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Understanding and Using Modal Verbs (#36), by Dennis Oliver

Modal Verbs #36:
Individual Modal Verbs

 

The English modal verbs are often challenging for learners
of English. This happens for many reasons, including both
grammar and meaning.

In this Hint, we'll take a look at must have.


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Must Have

 

The past of must is must have (which is used with the past
participle of a verb).
Must have (which is often contracted
to
must've in speaking) is used to show a conclusion about
the past. The negative form of
must have is must not have.
Must and not are not contracted for a past negative conclusion,
but in speaking, a contraction is sometimes made with
not
and have.


Examples:

A:   Where's Bob? He said that he'd be here at 9:00,
and now it's after 9:30.
B:   He must've had some kind of problem. He's
normally very punctual.

(Because B knows that Bob is normally very punctual instead
of being late, B concludes that Bob had some kind of problem.)


A:   What happened to Jill? She got a phone call and
then she started crying.
B:   She must've received some bad news.

(B concludes that Jill received some bad news during the call
because she started crying just after she received it.)


A:   Why isn't Joe here? I sent him e-mail saying that
our committee would meet at 9:00.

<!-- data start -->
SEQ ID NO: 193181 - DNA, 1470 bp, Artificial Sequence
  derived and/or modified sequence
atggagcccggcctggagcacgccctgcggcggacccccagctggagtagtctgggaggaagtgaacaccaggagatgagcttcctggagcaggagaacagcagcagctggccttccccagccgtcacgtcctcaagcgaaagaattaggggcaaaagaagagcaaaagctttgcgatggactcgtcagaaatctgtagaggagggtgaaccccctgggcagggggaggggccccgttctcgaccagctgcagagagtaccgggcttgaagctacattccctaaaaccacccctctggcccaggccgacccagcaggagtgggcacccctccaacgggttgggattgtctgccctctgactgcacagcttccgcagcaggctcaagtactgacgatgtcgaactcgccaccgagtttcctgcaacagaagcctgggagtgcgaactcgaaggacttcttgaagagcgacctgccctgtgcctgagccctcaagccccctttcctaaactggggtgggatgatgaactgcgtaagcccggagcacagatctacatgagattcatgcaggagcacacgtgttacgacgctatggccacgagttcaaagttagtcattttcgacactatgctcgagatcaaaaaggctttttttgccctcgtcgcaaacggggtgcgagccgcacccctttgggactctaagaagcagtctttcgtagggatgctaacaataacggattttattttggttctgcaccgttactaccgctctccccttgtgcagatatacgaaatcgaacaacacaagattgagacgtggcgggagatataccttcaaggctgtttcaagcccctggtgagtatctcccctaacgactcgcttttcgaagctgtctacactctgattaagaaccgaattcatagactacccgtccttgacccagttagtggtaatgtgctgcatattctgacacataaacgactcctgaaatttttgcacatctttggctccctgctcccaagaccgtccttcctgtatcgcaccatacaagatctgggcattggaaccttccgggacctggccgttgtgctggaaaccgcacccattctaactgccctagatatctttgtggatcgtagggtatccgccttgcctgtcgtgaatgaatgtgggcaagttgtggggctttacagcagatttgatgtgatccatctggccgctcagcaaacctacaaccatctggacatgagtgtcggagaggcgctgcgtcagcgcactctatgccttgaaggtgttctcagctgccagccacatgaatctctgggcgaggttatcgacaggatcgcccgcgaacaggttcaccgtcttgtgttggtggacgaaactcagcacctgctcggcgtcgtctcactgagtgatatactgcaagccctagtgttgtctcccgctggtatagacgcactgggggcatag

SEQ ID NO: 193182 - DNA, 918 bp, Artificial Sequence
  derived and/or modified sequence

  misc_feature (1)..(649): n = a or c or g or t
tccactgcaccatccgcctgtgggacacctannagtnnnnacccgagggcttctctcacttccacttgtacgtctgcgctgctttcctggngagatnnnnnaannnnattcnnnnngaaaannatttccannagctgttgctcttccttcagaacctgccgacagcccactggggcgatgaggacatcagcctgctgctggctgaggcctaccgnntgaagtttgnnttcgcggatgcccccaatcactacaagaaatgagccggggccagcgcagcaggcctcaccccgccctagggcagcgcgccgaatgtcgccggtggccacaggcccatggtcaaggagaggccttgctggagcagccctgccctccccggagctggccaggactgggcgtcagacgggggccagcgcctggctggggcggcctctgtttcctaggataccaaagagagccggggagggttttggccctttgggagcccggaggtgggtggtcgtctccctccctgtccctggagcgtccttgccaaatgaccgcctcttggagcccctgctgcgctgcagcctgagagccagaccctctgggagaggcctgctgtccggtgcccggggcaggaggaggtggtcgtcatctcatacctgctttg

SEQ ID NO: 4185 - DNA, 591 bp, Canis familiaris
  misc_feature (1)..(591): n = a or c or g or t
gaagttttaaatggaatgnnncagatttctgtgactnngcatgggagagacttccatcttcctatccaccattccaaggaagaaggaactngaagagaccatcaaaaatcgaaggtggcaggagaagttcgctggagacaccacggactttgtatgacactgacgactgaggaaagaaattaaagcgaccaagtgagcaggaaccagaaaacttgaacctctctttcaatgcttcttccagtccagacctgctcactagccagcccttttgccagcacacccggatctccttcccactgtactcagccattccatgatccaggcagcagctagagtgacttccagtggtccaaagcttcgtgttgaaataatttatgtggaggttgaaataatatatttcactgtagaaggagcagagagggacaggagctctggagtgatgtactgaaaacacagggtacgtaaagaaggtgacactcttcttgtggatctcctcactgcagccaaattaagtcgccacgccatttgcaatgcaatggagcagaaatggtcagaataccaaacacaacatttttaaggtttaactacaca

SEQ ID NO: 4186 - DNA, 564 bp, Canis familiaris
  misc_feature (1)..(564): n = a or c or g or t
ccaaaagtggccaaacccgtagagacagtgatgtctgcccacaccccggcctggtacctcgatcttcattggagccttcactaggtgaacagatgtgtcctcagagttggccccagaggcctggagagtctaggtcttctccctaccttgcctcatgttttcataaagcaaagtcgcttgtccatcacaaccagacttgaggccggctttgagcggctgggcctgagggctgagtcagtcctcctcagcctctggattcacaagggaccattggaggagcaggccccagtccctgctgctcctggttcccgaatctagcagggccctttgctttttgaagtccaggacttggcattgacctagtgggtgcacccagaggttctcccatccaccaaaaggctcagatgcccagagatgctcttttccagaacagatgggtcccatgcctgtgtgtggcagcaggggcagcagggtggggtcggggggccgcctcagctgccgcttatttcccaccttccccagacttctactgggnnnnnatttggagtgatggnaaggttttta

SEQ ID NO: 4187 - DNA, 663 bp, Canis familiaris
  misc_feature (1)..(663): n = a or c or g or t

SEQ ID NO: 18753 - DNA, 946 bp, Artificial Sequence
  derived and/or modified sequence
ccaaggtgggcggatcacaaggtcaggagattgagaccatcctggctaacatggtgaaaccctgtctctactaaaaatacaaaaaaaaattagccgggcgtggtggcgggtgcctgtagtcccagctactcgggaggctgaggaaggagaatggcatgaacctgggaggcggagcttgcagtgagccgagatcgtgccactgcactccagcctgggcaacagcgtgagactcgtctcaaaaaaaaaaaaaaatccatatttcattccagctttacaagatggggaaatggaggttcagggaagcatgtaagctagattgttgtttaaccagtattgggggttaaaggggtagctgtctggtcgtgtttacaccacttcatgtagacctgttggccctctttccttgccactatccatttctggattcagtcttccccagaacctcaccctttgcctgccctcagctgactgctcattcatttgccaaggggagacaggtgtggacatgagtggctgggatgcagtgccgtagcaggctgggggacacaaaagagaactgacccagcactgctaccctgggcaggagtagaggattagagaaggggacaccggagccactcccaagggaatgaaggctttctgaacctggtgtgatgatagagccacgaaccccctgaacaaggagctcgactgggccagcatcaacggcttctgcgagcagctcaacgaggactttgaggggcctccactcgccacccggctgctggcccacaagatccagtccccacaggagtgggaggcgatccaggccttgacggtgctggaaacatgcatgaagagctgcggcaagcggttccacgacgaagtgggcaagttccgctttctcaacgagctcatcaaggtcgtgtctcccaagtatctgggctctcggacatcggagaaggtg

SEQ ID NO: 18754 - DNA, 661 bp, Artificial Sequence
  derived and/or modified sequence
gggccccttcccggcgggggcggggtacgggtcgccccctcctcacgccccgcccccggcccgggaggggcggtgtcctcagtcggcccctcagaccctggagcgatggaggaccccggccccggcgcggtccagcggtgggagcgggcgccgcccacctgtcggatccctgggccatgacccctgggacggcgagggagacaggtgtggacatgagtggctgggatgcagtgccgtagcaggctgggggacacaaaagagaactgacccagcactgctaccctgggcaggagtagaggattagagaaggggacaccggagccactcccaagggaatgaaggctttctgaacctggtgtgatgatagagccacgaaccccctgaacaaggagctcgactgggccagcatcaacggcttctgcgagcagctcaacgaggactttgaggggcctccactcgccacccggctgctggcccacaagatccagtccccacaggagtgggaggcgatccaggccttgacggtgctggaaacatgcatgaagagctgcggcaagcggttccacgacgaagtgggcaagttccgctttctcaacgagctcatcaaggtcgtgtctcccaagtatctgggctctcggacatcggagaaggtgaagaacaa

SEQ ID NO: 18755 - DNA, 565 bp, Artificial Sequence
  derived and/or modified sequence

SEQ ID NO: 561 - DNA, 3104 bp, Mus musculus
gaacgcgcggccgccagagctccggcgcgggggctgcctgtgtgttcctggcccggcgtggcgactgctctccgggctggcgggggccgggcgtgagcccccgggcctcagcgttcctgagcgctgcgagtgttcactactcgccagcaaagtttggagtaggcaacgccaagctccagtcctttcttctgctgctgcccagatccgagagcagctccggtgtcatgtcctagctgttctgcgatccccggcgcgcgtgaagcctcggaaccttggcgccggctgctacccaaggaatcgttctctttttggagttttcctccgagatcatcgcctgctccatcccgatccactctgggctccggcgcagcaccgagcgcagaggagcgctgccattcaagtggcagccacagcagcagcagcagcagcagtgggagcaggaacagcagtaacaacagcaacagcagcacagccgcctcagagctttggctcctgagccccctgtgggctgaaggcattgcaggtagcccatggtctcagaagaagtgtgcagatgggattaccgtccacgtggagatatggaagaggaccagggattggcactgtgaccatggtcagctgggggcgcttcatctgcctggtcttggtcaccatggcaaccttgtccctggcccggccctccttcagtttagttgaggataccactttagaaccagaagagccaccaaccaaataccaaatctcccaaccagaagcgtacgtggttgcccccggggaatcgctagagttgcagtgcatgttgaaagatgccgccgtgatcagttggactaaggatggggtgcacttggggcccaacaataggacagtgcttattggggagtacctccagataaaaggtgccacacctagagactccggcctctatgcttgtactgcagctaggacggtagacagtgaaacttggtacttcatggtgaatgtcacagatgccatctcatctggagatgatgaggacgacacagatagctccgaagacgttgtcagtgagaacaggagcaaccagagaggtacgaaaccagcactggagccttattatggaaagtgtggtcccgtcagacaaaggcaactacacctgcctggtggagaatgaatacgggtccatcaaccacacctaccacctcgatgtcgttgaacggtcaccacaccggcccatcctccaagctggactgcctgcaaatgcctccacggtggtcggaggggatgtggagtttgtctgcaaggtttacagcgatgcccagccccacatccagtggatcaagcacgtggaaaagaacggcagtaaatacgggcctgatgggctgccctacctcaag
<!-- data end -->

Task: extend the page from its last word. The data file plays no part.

B:   He must not have (must not've) read his e-mail.
He's very conscientious about attending meetings.

(Because B knows that Joe is very conscientious about attending
meetings, and because A told Joe about the meeting in an
e-mail message, B concludes that Joe didn't read his e-mail.)


A:   I saw Alice and waved to her, but she didn't
wave back. She just kept on walking.
B:   She must not have (must not've) seen you.
She's a very friendly person.

(B knows that Alice is a very friendly person, so when B
hears that A waved to Alice and Alice just kept on walking,
B concludes that Alice didn't see A.)


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Special Notes:


1.   Because 've sounds very much like of, native speakers
sometimes write
*must of when must've is actually
the correct form.
     
2.   In fast, casual speech, the 've in must've often changes
to a sound that is easier to pronounce. As a result,

must've
often sounds something like "musta."
     
3.   In fast, casual speech, must not've also changes to
sounds that are easier to pronounce. As a result,
must not've often sounds something like "muss nodda."
     
4.  

Must have shows a conclusion about the past, but not
a past requirement. To show a past requirement,
had to
is used:

Bob couldn't join us. He had to work.

I'm sorry, but Ms. Keller isn't in today. She had to
go out of town on business.

     
5.  

The negative form of had to is didn't have to, but it
doesn't show a negative past requirement. Instead, it
shows that something
wasn't necessary:

Susie didn't have to work last night. (It wasn't necessary
for Susie to work last night.)

You didn't have to do that. (It wasn't necessary for
you to do that.)

     
6.  

Negative past requirements cannot be shown with must
or with
had to. Instead, complicated restatements such
as the following must be used:

It was necessary for them not to leave the building.

They were required not to leave the building.


It was necessary for him not to eat or drink anything
before his medical tests.

He was required not to eat or drink anything before
his medical tests.

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